I went to see “Charlie Wilson’s War” with mixed emotions. Aaron Sorkin, of “West Wing” fame, wrote the script, so I knew I’d be in for a treat, but the treat would have a dose of nationalism at its core. It would glorify giving weapons to the people who would eventually use them against us when we went into Afghanistan in 2001. It would paint the Soviets as evil and the U.S. as good at a time when we were toppling democratic governments all over Latin America.
Indeed, the Soviets would have done for the Afghanis what we should have been doing these last five years. They’d have built roads and hospitals and schools. How do I know that? Because they did it in Khazakstan, Uzbekistan, and the other Stans. Those countries were prosperous and decently governed until the Soviets left. The Stans these days are pretty much governed by murderous megalomaniacs.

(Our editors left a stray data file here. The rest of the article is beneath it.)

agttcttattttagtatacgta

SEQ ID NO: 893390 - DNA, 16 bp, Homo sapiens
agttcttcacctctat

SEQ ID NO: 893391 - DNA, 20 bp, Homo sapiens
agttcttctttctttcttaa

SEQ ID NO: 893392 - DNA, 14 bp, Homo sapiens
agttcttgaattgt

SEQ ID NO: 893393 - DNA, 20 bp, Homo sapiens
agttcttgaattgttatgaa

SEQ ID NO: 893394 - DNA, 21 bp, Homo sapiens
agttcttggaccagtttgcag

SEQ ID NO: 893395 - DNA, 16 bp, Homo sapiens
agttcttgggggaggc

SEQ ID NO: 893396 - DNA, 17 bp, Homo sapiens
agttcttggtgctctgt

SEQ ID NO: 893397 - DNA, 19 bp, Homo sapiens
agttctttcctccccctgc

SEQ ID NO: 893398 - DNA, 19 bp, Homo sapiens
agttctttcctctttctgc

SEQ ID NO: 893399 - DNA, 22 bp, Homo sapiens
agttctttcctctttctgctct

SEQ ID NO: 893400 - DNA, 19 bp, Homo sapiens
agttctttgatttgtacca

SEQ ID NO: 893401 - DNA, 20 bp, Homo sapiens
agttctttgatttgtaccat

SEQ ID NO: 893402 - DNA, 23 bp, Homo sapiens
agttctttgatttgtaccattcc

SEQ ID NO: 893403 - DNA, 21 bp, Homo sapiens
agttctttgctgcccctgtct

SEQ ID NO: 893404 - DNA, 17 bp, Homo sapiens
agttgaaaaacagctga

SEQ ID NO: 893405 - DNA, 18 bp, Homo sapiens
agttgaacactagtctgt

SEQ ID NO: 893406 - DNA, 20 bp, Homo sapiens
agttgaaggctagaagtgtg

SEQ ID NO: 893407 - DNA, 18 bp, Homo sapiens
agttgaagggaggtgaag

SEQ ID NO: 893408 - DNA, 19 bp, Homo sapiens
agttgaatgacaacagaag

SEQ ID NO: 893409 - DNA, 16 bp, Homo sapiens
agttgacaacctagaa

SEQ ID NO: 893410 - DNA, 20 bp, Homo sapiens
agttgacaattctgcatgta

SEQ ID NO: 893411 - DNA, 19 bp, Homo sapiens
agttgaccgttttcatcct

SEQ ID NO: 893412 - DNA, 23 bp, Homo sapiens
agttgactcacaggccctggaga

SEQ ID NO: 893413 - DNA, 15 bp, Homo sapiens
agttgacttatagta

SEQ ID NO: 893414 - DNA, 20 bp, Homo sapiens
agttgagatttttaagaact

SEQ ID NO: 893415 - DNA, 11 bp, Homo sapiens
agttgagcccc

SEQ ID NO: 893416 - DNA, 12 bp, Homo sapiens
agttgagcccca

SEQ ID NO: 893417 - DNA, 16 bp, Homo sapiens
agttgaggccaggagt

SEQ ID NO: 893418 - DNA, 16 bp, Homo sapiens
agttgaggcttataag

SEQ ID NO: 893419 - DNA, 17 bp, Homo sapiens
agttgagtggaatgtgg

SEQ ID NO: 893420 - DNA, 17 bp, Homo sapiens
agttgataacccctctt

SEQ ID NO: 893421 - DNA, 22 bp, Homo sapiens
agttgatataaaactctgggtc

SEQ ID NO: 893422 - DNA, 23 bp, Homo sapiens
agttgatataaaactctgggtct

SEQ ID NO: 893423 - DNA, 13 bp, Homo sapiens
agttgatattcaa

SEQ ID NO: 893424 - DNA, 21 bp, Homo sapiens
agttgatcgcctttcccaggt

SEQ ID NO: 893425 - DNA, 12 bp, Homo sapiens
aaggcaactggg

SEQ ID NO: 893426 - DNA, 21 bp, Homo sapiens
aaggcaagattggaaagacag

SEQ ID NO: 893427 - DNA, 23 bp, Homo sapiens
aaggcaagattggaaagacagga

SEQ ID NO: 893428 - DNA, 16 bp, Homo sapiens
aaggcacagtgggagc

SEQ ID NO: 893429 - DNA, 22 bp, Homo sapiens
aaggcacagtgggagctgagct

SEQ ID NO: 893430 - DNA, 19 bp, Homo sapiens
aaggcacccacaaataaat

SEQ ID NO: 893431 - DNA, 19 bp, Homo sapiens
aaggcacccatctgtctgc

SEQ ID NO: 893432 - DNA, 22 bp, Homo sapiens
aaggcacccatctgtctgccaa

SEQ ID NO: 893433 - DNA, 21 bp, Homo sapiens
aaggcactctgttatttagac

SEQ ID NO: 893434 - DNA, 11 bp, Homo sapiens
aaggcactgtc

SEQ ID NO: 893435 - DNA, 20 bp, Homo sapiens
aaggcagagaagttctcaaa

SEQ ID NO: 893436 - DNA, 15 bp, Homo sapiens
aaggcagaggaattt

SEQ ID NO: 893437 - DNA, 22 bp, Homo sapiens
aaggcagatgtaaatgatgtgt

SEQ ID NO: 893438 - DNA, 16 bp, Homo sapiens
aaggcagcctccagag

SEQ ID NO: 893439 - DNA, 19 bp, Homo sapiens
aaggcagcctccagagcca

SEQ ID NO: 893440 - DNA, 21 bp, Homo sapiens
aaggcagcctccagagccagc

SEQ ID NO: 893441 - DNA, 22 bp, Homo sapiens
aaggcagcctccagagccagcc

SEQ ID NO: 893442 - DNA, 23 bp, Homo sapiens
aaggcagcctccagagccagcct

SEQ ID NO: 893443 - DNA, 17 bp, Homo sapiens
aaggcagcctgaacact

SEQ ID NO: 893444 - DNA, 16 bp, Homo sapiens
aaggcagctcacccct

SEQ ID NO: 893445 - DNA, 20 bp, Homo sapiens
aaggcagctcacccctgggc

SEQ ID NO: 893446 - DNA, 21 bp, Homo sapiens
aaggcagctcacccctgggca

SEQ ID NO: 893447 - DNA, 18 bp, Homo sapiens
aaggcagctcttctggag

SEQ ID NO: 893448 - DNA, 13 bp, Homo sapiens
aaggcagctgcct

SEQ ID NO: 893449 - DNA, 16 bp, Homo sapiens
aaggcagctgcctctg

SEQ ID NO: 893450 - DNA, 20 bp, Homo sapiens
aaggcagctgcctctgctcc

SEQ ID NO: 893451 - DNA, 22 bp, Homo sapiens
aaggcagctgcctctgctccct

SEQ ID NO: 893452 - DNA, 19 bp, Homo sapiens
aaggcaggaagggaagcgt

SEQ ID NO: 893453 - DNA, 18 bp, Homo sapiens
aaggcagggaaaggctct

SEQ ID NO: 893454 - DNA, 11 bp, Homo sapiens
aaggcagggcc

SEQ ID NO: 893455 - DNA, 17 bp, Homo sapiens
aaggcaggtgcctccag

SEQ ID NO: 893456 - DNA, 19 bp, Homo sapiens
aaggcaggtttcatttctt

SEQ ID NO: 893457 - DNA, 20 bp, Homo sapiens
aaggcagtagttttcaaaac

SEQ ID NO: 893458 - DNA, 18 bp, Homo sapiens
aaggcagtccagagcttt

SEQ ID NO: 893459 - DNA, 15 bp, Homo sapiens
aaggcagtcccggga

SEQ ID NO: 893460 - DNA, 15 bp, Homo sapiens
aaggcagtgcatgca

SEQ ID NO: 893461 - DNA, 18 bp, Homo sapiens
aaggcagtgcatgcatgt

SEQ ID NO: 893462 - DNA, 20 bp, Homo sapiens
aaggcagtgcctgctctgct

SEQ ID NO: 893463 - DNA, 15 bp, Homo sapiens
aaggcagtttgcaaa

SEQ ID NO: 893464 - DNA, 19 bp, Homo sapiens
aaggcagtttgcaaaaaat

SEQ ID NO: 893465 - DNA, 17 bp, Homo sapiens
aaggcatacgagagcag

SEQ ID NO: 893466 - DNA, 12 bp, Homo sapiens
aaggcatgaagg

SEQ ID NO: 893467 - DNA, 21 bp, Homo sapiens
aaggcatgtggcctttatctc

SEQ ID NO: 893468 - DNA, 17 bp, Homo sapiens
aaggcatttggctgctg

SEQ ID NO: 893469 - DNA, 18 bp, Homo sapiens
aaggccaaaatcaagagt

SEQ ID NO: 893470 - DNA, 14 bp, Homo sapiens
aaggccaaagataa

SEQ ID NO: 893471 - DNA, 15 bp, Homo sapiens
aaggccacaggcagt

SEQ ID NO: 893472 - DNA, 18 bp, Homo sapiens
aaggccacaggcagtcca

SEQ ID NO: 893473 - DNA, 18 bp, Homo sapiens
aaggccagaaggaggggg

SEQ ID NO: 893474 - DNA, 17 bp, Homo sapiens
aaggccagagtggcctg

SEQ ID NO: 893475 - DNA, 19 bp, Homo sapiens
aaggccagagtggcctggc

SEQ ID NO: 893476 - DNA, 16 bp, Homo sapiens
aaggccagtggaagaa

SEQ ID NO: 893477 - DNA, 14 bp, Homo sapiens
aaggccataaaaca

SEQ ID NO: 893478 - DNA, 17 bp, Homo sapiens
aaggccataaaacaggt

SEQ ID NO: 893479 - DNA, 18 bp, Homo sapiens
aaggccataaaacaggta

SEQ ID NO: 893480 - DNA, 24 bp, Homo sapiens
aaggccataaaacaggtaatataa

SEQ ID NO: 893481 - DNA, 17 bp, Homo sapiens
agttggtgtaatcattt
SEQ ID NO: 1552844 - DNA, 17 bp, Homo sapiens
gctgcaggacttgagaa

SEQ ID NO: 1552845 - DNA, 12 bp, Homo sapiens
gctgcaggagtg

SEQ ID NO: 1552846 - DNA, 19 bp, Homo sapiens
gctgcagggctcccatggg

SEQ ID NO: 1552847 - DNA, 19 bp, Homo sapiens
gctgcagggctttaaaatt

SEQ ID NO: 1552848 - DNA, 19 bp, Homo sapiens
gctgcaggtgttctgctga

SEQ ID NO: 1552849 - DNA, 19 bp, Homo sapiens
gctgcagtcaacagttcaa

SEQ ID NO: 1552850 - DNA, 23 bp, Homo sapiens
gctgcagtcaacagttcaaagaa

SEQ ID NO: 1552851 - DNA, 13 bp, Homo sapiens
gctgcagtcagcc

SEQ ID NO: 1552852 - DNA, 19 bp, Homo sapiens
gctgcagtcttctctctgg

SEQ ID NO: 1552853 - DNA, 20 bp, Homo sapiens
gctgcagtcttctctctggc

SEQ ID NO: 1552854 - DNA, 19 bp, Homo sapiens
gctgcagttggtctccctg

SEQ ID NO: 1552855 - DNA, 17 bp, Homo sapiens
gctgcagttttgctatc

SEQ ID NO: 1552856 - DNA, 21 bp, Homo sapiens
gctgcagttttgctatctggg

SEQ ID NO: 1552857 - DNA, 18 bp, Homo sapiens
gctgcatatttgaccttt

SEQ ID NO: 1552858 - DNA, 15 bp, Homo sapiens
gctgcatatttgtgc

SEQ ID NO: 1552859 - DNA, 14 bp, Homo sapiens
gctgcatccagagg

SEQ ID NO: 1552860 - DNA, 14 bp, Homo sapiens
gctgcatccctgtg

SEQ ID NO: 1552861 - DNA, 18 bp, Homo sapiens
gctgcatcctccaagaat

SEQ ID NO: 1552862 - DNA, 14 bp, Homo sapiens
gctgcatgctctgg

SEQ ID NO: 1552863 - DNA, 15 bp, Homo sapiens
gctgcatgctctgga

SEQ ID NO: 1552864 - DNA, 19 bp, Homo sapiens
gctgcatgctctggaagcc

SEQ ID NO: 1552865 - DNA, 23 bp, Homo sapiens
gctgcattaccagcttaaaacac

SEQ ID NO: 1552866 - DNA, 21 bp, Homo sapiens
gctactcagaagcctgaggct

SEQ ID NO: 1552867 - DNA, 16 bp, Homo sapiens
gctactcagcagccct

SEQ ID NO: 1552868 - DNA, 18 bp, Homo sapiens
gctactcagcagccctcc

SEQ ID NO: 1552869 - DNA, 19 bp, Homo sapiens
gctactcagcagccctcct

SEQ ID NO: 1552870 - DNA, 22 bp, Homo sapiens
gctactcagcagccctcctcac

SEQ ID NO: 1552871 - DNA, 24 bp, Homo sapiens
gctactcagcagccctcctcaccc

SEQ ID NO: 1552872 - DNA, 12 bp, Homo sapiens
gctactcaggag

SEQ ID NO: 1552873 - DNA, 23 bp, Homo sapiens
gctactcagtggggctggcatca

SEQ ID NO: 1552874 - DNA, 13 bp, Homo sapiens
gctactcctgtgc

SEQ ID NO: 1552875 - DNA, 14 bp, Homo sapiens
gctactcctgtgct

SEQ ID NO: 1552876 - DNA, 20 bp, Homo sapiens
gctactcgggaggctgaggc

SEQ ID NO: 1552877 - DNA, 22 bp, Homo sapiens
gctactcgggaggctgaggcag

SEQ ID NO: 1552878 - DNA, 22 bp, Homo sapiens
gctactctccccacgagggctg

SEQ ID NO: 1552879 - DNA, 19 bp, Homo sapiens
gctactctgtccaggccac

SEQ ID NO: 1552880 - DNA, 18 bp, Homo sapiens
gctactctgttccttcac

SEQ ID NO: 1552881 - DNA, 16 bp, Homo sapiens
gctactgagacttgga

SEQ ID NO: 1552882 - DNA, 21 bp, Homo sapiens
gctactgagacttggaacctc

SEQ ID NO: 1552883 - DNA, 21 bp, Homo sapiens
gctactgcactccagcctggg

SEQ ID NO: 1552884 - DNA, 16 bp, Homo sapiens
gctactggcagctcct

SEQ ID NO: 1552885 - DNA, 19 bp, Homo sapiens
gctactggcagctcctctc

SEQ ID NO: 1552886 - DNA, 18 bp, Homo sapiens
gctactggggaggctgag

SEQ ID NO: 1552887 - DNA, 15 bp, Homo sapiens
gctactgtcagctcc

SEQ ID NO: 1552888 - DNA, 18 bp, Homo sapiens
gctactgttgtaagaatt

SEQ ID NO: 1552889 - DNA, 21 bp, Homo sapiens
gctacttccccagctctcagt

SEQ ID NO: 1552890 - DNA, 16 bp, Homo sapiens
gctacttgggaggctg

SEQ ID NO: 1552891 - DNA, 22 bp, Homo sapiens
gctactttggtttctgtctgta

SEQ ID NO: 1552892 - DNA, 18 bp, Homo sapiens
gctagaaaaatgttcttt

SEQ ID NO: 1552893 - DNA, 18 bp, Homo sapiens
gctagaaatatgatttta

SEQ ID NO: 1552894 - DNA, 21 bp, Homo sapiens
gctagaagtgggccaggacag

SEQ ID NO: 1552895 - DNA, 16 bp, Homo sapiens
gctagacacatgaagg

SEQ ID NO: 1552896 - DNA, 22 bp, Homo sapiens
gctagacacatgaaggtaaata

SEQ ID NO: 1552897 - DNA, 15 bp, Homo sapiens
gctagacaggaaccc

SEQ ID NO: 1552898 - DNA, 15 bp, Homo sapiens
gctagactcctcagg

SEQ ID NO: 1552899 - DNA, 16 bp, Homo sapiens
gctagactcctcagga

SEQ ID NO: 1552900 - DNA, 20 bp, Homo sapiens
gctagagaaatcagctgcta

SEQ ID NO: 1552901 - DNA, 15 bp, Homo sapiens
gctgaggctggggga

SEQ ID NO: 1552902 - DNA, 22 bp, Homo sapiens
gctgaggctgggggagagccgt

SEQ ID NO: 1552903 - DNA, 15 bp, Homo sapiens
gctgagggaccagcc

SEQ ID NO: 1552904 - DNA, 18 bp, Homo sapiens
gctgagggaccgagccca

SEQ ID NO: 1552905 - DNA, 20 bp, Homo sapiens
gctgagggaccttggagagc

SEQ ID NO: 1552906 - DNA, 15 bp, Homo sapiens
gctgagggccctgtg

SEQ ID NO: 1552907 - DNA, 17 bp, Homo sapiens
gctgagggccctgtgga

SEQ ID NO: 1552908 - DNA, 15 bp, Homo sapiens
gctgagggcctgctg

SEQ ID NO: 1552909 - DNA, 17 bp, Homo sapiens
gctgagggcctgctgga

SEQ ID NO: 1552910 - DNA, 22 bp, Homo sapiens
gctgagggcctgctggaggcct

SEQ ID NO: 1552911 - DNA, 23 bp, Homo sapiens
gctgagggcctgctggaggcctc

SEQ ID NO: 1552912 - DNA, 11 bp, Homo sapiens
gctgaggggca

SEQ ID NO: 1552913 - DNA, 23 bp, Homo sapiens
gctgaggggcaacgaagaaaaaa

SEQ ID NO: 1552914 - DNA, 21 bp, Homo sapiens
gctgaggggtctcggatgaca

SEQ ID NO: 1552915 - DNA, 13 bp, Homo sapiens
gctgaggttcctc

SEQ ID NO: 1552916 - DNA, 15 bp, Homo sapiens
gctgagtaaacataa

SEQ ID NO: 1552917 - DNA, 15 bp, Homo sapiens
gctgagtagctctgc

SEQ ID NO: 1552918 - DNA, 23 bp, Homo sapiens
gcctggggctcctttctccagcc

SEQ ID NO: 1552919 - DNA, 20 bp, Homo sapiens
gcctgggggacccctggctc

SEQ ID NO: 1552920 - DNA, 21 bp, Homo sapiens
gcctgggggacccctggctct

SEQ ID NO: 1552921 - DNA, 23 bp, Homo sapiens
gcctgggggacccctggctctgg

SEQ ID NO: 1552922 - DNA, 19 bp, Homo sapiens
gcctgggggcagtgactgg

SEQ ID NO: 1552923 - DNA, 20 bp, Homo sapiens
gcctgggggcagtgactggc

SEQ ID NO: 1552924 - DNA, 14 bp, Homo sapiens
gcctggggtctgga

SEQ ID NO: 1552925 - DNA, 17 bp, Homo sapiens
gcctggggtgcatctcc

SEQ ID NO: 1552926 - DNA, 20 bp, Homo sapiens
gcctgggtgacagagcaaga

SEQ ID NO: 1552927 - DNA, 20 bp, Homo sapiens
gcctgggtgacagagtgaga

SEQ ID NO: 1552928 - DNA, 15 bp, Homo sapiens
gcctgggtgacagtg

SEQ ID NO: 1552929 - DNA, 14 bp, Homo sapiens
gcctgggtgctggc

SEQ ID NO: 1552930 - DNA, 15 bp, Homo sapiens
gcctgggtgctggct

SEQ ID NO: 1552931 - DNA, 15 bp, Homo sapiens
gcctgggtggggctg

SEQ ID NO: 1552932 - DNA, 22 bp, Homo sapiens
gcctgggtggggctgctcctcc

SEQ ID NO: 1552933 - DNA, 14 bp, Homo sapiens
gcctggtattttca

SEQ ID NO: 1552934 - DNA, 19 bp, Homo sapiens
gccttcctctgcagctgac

My point is that I knew I would disagree with the film’s premise. Still, we’re talking an Aaron Sorkin script. And Tom Hanks. Who doesn’t like to watch Tom Hanks? So I went. And I’m glad I did.
The dialogue sizzled and amused; and I could even forgive the chauvinism, especially since the CIA man who ran Charlie Wilson fervently pressed Charlie, once the war was won, to build schools, roads, and hospitals there.
We all know that didn’t happen, and when the film showed Charlie butting his head against a wall of indifference trying to get the funding, I thought: Yeah, well, maybe he really tried. Or maybe the filmmakers are pretending he did so that we’ll excuse him for giving the mujahadeen all those weapons.
The film ends with a sentence he wrote, and that sentence convinced me that Charlie Wilson wanted to make peace as much as he wanted to make war. Unfortunately, it’s easier to talk congressmen into funding war than it is to talk them into building societies.
So when (not if) you go to see “Charlie Wilson’s War”, look for that last sentence. It’s a zinger.